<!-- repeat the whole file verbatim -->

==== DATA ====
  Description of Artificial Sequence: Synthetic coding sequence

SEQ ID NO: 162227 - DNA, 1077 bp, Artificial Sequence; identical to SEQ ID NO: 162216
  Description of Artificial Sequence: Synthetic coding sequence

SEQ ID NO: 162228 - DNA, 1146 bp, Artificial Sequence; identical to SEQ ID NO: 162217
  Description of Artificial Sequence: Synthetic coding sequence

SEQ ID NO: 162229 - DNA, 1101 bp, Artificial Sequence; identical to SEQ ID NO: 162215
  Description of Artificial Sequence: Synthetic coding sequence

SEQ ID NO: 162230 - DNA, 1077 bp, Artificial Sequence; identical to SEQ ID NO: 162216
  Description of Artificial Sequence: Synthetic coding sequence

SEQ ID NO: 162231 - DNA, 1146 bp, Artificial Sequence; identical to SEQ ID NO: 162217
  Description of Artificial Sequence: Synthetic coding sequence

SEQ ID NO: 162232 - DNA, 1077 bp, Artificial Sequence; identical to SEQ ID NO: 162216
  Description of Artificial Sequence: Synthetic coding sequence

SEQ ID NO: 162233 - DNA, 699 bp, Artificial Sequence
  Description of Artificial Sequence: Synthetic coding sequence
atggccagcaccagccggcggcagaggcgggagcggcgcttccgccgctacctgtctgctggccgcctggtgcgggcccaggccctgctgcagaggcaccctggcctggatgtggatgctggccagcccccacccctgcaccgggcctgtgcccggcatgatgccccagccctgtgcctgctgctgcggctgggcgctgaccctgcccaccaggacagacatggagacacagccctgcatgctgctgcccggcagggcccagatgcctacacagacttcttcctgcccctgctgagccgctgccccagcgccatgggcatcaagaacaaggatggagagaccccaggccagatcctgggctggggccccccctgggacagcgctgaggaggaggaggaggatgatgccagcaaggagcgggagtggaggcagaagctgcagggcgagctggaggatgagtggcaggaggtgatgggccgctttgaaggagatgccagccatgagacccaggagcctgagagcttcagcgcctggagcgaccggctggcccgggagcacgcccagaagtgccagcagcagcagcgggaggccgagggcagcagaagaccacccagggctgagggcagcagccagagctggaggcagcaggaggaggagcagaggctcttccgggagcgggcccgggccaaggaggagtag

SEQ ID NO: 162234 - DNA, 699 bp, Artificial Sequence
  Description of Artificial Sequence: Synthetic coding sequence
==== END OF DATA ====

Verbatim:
  Description of Artificial Sequence: Synthetic coding sequence

SEQ ID NO: 162227 - DNA, 1077 bp, Artificial Sequence; identical to SEQ ID NO: 162216
  Description of Artificial Sequence: Synthetic coding sequence

SEQ ID NO: 162228 - DNA, 1146 bp, Artificial Sequence; identical to SEQ ID NO: 162217
  Description of Artificial Sequence: Synthetic coding sequence

SEQ ID NO: 162229 - DNA, 1101 bp, Artificial Sequence; identical to SEQ ID NO: 162215
  Description of Artificial Sequence: Synthetic coding sequence

SEQ ID NO: 162230 - DNA, 1077 bp, Artificial Sequence; identical to SEQ ID NO: 162216
  Description of Artificial Sequence: Synthetic coding sequence

SEQ ID NO: 162231 - DNA, 1146 bp, Artificial Sequence; identical to SEQ ID NO: 162217
  Description of Artificial Sequence: Synthetic coding sequence

SEQ ID NO: 162232 - DNA, 1077 bp, Artificial Sequence; identical to SEQ ID NO: 162216
  Description of Artificial Sequence: Synthetic coding sequence

SEQ ID NO: 162233 - DNA, 699 bp, Artificial Sequence
  Description of Artificial Sequence: Synthetic coding sequence
atggccagcaccagccggcggcagaggcgggagcggcgcttccgccgctacctgtctgctggccgcctggtgcgggcccaggccctgctgcagaggcaccctggcctggatgtggatgctggccagcccccacccctgcaccgggcctgtgcccggcatgatgccccagccctgtgcctgctgctgcggctgggcgctgaccctgcccaccaggacagacatggagacacagccctgcatgctgctgcccggcagggcccagatgcctacacagacttcttcctgcccctgctgagccgctgccccagcgccatgggcatcaagaacaaggatggagagaccccaggccagatcctgggctggggccccccctgggacagcgctgaggaggaggaggaggatgatgccagcaaggagcgggagtggaggcagaagctgcagggcgagctggaggatgagtggcaggaggtgatgggccgctttgaaggagatgccagccatgagacccaggagcctgagagcttcagcgcctggagcgaccggctggcccgggagcacgcccagaagtgccagcagcagcagcgggaggccgagggcagcagaagaccacccagggctgagggcagcagccagagctggaggcagcaggaggaggagcagaggctcttccgggagcgggcccgggccaaggaggagtag

SEQ ID NO: 162234 - DNA, 699 bp, Artificial Sequence
  Description of Artificial Sequence: Synthetic coding sequence